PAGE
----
How to Re-cover Bar Stools

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The framework of a quality bar stool is built to last, whether it is made of wood or metal. But even a quality bar stool seat may wear out, fade or tear. Rather than replacing the entire bar stool, re-cover the seat with new upholstery-grade fabric, vinyl or leather. If you have an entire set of matching stools, you may want to reupholster them all at once to keep the pieces matched.

Things You'll Need

  • Safety glasses
  • Flat-head screwdriver or staple remover
  • Screwdriver or adjustable wrench (optional)
  • Upholstery-grade fabric several inches larger than stool top in all dimesions
  • Batting as large as the fabric
  • Chalk or fabric marker
  • Scissors
  • Upholstery foam matching the stool's thickness
  • Utility knife
  • Spray adhesive designed for foam
  • Staple gun
  • Flip the bar stool over or on its side to reveal the staples holding the material in place. Pry the staples out using a flat-head screwdriver or a staple remover. In some cases, you may need to remove the entire seat from the frame to access all of the staples. If so, use a Phillips screwdriver to remove screws or an adjustable wrench to remove nuts and bolts, depending on the stool's construction.

  • Unwrap the old fabric and batting from the stool. Remove the fabric, and batting and foam, if any, keeping all materials as intact as possible to reuse them as templates for their replacements.

  • Spread out the new fabric facedown on a clean work surface. Set the old fabric atop it and trace around it with chalk or a fabric marker. Cut out the new material along the traced lines using scissors.

  • Smooth out the new batting atop the work surface, then set the new fabric on top of it. Trace around the fabric with a fabric marker, then cut out the batting to match the fabric.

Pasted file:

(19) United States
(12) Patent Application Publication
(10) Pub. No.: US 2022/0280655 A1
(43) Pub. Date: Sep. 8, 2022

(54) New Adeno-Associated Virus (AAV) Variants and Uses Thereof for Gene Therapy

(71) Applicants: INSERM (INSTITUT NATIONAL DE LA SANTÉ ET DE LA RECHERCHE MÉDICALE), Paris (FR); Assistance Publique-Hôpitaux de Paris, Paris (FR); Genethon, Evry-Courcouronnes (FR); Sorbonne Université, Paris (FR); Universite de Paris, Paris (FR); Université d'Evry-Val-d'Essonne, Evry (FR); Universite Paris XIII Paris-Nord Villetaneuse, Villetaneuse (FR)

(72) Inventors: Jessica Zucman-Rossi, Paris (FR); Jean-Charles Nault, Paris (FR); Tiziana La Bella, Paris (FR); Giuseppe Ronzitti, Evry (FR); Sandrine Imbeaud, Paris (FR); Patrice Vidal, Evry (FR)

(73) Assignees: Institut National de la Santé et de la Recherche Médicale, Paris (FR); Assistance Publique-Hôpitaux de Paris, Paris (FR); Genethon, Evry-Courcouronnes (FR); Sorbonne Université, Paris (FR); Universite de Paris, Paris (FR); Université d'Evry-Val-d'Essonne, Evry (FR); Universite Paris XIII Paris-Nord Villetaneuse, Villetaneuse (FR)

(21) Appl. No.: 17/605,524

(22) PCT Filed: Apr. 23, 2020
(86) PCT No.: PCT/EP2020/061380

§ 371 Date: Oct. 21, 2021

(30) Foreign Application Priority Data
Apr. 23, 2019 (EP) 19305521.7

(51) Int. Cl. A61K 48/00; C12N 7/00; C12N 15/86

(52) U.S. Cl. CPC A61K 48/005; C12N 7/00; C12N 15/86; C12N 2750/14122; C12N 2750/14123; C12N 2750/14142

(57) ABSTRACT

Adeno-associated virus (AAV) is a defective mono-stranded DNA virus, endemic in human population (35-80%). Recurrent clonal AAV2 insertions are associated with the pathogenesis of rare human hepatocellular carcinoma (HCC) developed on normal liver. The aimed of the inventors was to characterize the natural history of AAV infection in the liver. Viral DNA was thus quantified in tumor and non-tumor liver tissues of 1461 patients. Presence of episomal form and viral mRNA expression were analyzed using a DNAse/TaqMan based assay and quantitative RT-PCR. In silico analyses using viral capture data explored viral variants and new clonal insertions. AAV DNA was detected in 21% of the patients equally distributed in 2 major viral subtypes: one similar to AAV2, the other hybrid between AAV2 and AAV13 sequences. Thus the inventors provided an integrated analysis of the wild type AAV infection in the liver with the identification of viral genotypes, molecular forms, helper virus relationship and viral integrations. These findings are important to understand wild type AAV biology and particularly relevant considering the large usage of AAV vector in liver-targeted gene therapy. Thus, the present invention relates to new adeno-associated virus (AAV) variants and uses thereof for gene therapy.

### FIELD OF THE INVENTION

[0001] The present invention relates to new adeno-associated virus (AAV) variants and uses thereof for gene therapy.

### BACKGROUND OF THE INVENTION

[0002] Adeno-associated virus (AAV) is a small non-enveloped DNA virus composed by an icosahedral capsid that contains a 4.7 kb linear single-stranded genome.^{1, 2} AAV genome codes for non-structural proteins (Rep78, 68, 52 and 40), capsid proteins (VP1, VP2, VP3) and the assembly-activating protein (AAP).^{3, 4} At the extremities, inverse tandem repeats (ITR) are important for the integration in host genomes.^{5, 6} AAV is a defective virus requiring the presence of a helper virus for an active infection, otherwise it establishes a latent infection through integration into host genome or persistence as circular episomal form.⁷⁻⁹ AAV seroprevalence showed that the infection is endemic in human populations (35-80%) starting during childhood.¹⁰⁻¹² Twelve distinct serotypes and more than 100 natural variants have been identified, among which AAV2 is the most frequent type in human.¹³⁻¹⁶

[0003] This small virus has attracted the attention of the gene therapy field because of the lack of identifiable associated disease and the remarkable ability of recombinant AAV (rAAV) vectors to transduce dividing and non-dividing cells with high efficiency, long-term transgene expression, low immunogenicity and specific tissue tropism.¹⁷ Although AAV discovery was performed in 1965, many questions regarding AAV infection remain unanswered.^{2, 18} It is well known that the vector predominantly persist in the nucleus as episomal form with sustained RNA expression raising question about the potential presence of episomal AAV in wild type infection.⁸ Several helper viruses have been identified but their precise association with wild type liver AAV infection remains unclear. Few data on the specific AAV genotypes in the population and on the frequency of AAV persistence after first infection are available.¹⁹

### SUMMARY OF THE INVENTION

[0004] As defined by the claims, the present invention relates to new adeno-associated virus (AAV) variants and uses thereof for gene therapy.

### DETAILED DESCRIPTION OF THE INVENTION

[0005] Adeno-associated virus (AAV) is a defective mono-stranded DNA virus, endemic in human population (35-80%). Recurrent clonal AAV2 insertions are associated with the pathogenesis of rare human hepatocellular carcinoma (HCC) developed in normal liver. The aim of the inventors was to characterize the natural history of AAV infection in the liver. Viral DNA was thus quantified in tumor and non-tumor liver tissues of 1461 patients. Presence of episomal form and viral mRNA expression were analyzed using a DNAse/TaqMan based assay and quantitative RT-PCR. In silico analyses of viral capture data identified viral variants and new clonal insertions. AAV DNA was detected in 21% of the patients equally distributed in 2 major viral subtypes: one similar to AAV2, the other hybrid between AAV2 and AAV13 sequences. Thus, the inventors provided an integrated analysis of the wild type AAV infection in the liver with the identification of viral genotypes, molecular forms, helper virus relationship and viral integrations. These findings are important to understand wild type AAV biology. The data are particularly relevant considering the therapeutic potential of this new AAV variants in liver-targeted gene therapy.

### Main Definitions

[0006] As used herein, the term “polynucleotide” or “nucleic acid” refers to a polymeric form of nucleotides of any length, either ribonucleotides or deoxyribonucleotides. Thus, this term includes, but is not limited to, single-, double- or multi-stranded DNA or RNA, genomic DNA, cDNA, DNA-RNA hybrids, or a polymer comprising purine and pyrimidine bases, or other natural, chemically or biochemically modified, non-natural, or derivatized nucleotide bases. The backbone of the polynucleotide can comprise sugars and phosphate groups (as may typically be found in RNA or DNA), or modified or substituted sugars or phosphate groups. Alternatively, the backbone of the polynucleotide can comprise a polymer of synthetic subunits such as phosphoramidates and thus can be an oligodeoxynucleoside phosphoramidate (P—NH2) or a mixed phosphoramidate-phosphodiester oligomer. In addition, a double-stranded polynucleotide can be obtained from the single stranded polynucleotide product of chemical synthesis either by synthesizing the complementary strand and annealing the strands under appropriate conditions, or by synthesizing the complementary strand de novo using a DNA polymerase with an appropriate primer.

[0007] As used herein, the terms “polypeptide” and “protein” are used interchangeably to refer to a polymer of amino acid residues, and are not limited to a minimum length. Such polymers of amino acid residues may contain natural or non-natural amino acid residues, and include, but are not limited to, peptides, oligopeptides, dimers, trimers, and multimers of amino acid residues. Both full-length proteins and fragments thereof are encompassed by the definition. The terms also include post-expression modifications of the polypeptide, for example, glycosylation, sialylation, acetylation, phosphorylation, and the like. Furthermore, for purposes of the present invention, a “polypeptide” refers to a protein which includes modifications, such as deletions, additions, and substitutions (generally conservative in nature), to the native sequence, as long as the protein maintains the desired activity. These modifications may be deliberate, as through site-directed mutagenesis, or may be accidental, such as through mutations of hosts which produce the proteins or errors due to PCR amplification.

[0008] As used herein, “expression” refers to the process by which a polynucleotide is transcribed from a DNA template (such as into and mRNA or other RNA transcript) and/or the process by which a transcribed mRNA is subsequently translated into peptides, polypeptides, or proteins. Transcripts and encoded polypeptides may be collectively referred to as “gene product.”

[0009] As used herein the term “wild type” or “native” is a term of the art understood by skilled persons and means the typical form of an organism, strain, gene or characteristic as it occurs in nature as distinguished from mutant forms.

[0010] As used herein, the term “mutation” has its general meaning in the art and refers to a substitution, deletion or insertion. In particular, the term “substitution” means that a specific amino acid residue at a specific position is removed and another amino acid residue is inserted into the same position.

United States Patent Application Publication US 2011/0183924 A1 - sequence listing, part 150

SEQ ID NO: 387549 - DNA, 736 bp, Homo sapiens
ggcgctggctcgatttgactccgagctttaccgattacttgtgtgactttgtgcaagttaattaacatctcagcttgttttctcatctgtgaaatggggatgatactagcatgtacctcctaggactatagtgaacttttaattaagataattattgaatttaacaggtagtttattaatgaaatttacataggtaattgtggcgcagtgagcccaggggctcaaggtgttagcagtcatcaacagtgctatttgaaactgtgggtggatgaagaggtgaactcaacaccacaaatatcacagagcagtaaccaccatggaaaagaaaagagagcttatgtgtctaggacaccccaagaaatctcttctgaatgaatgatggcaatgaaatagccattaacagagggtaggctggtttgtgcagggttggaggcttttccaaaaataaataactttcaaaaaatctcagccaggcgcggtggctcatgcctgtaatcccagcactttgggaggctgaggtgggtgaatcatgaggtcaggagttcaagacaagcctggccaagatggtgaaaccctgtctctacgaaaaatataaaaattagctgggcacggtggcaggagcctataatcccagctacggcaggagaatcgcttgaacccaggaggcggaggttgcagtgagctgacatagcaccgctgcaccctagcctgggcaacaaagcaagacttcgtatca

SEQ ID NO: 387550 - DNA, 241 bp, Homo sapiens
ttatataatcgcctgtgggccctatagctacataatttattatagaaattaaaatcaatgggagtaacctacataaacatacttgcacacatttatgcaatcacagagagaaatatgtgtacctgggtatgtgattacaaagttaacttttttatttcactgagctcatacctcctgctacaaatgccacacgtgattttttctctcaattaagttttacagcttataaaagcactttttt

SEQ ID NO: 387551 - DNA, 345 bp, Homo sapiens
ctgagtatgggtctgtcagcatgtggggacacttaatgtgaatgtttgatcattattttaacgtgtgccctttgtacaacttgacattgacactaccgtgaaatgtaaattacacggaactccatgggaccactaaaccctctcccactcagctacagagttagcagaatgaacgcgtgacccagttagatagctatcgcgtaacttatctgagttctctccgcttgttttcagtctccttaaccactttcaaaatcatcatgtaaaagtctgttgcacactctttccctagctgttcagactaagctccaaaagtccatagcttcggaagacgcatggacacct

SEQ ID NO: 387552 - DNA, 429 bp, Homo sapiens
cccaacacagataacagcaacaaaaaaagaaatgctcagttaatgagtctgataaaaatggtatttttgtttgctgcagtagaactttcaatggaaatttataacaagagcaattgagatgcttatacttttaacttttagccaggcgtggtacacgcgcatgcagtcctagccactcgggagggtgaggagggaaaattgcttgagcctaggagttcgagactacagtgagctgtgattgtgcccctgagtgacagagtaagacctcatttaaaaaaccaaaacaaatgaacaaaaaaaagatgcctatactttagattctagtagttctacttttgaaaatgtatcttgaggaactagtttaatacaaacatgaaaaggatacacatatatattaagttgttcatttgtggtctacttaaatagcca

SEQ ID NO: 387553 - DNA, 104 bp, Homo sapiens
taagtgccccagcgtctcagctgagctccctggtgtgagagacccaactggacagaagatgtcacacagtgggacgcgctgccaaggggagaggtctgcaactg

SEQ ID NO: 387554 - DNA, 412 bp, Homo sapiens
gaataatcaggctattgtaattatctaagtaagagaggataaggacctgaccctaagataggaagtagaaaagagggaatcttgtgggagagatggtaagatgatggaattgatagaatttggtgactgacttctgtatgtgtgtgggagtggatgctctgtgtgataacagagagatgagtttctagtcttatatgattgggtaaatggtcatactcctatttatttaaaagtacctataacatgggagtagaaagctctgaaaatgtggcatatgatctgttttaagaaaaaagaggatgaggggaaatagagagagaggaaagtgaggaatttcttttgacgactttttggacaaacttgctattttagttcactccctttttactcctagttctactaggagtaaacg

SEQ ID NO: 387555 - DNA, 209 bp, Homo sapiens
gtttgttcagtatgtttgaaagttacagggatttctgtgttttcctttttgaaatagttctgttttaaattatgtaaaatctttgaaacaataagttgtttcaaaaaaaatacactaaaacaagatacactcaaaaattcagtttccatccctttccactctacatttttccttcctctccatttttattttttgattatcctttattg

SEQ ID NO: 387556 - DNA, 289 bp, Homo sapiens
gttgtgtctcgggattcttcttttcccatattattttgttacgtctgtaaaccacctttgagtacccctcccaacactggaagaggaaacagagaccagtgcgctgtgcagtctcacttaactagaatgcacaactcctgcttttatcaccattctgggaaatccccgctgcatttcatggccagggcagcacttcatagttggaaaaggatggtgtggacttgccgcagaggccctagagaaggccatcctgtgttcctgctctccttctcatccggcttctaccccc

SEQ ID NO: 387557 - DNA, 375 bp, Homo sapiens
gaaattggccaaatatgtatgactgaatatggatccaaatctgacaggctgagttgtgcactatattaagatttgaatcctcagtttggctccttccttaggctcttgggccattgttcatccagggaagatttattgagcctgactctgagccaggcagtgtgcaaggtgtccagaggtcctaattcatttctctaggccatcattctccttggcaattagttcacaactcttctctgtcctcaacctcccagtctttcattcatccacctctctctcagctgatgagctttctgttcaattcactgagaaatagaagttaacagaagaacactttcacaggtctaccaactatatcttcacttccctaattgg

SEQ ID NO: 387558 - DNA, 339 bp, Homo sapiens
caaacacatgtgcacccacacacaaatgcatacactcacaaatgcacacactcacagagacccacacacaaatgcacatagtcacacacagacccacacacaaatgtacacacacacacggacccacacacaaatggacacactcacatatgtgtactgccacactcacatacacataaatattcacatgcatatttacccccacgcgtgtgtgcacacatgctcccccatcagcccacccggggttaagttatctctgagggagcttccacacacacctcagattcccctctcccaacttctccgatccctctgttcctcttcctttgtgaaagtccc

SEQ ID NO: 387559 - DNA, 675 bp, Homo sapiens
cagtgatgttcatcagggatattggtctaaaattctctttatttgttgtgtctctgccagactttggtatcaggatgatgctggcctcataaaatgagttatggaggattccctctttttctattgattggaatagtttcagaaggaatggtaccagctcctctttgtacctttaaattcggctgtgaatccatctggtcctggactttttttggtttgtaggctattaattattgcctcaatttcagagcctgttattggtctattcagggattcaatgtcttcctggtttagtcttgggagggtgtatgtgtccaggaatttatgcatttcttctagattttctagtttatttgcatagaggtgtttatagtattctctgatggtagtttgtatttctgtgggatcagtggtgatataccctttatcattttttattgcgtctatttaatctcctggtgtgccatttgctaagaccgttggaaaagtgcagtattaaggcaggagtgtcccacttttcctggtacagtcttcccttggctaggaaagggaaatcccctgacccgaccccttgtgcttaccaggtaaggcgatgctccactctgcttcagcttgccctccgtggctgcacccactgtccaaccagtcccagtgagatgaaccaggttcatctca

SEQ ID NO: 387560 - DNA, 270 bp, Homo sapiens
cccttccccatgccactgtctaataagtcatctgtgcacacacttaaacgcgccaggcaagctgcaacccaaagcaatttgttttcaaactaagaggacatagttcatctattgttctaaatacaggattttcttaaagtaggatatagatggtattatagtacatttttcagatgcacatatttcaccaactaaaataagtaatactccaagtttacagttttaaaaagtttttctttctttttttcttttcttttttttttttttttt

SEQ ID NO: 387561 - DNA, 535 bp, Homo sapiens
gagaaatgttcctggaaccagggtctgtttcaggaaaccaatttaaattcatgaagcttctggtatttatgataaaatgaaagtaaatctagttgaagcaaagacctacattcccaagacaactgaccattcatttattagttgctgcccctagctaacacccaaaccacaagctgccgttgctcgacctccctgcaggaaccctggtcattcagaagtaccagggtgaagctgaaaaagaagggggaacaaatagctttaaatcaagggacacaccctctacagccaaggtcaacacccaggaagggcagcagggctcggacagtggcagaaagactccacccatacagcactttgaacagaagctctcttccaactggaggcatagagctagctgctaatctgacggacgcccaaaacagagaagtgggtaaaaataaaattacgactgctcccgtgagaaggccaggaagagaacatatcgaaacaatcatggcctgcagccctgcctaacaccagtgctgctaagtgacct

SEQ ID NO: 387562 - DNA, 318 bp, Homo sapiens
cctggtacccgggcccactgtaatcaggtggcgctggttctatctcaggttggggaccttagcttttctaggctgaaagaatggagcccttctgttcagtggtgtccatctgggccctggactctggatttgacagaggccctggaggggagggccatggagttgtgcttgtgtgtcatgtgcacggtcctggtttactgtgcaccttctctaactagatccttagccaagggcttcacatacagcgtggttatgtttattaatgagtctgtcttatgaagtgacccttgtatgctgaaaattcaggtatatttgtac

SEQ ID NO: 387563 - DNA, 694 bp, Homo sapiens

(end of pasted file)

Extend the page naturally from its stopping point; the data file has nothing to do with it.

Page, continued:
• Set a new chunk of upholstery foam on the work surface. Place the old foam atop it and trace around it with a fabric marker. Set aside the old foam and cut out the new foam using a utility knife, scoring it deeper and deeper until you can cut completely through it with the knife or scissors.

  • Stand the stool upright, or set the seat upright if you took the pieces apart. Ventilate the area. Spray adhesive on the seat area and allow it to set for a minute or two, as indicated on the adhesive can. In some cases, both the foam and seat may require the adhesive for it to stick properly. Press the foam in place and allow it to set for several hours or as recommended on the adhesive can.

  • Smooth the new fabric out facedown a clean surface such as the floor. Smooth the batting out atop it so the edges line up. Flip over the stool and center the seat over the batting. If the seat is separate from the stool because you removed it, only use the seat portion.

  • Press down on the bottom of the seat with a hand or your knee, then wrap the fabric and batting over the edge in one area, stapling it in place every 2 inches. Continue wrapping and stapling the materials to the bottom of the seat, pulling the material taut as you work to keep the seat smooth. In some areas, you may need to pinch, gather and fold the fabric atop itself slightly under the seat to keep it looking neat.

  • Reattach the seat to the stool frame if you previously separated the two, using the screws or nuts and bolts taken out earlier.

Tips & Warnings

  • If the old bar stool fabric still is fairly clean, you may upholster over the old material, adding batting and fresh fabric directly over the old material.
  • If the old foam is in good enough shape that is not deteriorating, you may reuse the old foam instead of replacing it.
  • Wear eye protection when removing or adding staples to ensure eye safety.

References

  • Photo Credit Leonid Anfimov/iStock/Getty Images
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